Wednesday, September 30, 2015

Fools rush in.

By the looks of the low spot behind the house, we might have experienced a micro-climate frost this morning. I can see sun shining less than 20 feet uphill from what looks like frost-whitened grasses. Our low temperature, at a slightly higher elevation, was in the mid-30s, so I can believe there might have been a "soft" frost, or not. Since our average first frost usually occurs within the next ten or twelve days, we seem to be generally on schedule.

wind farm, southwestern Minnesota
wind farm, southwestern Minnesota
Photo by J. Harrington

Yesterday, I mentioned coming across a reference to a desire for a sketch of more sustainable Minnesota. Later, as I was walking the dogs, I finally remembered where I had seen it (confirming the theory that a good way to remember something is to not think about it). Specifically, Scott Strand, ED at the Minnesota Center for Environmental Advocacy, blogged "we need some kind of honest shared visualization of what a decent future looks like" in regard to climate change, air pollution and water pollution. Keep in mind William Gibson's observation that "The future is already here — it's just not very evenly distributed." (To which I would add: "nor is it being well tended to.") Much of what we can sketch of a future has been around for a while, in one form or another, just not very evenly distributed.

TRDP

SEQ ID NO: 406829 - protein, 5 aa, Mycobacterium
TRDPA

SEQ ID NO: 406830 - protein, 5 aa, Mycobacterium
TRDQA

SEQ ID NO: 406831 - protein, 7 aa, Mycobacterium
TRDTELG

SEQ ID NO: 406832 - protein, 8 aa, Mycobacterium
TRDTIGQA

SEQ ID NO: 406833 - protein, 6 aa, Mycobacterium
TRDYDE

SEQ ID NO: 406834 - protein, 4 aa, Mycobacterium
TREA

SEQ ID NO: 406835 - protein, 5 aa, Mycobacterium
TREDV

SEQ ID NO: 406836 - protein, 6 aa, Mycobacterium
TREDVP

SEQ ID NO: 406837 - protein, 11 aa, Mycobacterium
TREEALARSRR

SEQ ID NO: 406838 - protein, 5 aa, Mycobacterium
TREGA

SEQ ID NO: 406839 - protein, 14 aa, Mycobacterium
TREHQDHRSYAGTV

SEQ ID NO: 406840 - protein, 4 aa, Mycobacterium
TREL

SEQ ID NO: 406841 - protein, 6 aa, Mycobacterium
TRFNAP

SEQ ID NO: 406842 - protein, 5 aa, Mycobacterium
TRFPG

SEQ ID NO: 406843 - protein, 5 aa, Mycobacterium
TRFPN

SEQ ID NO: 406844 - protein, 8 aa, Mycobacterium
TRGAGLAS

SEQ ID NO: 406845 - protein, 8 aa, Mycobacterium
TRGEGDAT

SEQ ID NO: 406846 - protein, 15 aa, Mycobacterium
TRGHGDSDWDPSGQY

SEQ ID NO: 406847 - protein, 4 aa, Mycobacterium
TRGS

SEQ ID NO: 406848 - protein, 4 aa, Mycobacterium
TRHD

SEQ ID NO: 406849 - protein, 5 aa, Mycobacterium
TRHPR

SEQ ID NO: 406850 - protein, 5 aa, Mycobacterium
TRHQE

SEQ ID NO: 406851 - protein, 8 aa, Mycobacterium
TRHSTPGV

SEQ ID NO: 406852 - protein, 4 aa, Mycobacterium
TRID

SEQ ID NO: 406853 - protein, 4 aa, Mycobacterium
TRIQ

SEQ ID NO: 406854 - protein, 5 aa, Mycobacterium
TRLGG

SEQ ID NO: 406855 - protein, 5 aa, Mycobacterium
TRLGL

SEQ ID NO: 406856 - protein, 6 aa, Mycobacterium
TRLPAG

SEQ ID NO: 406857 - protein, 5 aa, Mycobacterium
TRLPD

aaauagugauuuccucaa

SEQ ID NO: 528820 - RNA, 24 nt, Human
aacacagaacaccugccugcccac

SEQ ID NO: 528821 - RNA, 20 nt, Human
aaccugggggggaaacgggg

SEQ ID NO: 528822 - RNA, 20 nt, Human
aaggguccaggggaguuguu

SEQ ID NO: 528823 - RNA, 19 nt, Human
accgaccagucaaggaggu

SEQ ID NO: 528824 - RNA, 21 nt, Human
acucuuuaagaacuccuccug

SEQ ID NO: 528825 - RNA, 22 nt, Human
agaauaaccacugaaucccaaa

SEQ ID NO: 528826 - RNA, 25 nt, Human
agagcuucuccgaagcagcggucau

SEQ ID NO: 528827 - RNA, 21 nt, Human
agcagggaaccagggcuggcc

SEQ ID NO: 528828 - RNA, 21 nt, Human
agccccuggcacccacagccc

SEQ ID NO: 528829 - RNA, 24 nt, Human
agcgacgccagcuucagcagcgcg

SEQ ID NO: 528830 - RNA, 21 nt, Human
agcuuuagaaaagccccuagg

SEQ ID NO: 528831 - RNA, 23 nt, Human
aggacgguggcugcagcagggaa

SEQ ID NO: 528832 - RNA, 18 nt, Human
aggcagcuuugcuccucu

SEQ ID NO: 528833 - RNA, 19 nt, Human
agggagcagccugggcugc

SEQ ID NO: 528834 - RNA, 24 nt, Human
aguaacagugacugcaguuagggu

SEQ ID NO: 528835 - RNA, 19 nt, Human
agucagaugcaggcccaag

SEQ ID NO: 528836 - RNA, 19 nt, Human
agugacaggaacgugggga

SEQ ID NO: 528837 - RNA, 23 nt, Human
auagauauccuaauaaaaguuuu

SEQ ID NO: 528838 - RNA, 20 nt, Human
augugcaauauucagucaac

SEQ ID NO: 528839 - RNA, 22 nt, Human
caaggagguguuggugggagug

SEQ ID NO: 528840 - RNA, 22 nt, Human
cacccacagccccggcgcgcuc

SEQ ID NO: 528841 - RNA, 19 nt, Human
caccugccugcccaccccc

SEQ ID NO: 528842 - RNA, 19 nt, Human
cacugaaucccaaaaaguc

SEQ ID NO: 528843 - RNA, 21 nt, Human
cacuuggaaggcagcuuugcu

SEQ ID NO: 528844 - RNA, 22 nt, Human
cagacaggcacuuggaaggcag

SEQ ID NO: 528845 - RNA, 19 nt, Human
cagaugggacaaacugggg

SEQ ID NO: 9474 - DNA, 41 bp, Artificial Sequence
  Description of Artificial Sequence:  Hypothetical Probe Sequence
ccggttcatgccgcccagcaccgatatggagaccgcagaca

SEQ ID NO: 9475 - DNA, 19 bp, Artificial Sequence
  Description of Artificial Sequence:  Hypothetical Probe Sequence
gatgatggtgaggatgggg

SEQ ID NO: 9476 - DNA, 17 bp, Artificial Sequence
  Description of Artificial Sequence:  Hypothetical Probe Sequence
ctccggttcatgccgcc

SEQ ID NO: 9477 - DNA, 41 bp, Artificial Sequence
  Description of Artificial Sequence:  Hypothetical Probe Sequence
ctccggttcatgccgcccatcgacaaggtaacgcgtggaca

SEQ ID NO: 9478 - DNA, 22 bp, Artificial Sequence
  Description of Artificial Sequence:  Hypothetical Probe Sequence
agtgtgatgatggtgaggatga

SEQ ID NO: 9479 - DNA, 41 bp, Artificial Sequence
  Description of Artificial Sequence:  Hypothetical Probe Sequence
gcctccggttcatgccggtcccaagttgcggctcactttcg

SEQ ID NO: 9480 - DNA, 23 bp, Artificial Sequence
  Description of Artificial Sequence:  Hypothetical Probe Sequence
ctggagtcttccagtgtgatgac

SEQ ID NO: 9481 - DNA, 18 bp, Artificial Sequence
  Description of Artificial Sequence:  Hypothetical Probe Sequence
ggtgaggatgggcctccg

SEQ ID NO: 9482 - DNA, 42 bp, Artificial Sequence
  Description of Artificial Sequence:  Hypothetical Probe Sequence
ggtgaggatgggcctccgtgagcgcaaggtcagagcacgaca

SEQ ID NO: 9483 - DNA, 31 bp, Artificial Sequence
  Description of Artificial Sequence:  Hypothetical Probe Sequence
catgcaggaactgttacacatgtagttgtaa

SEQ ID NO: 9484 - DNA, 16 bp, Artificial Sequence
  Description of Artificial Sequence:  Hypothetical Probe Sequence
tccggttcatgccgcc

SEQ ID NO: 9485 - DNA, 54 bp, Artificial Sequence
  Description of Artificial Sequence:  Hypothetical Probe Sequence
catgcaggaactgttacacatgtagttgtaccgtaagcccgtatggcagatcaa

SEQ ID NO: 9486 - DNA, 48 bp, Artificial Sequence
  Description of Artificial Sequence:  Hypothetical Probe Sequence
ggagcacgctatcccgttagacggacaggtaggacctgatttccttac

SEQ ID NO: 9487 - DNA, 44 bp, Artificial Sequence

I wouldn't presume to offer a fully developed, shared solution, but I'm foolish and hardy enough to sketch out some of my thoughts and see if they generate any kind of response. If enough folks like any of the ideas presented, we get to the beginning of a shared vision. In polite circles this is referred to as the start of a dialogue, or, even better, a conversation, something sadly lacking in most of our political discourse these days.

Since I'm a firm believer that everything is related to everything else, some things more directly than others, I'm going to start by suggesting we need to start our conversation from a premise that we need to do more systems thinking, including better and more frequent use of integrative design as an an ongoing process for creating and implementing our vision. We need to focus on solutions that do good instead of settling for doing less bad (Cradle to Cradle). We need to seriously incorporate the four Natural Step system conditions for a sustainable society into our conversations. Those are the ultimate system constraints we're faced with. Here's an example that begins to respond to the climate change and air particulates concerns Scott raised.

solar panels, northeastern Minnesota
solar panels, northeastern Minnesota
Photo by J. Harrington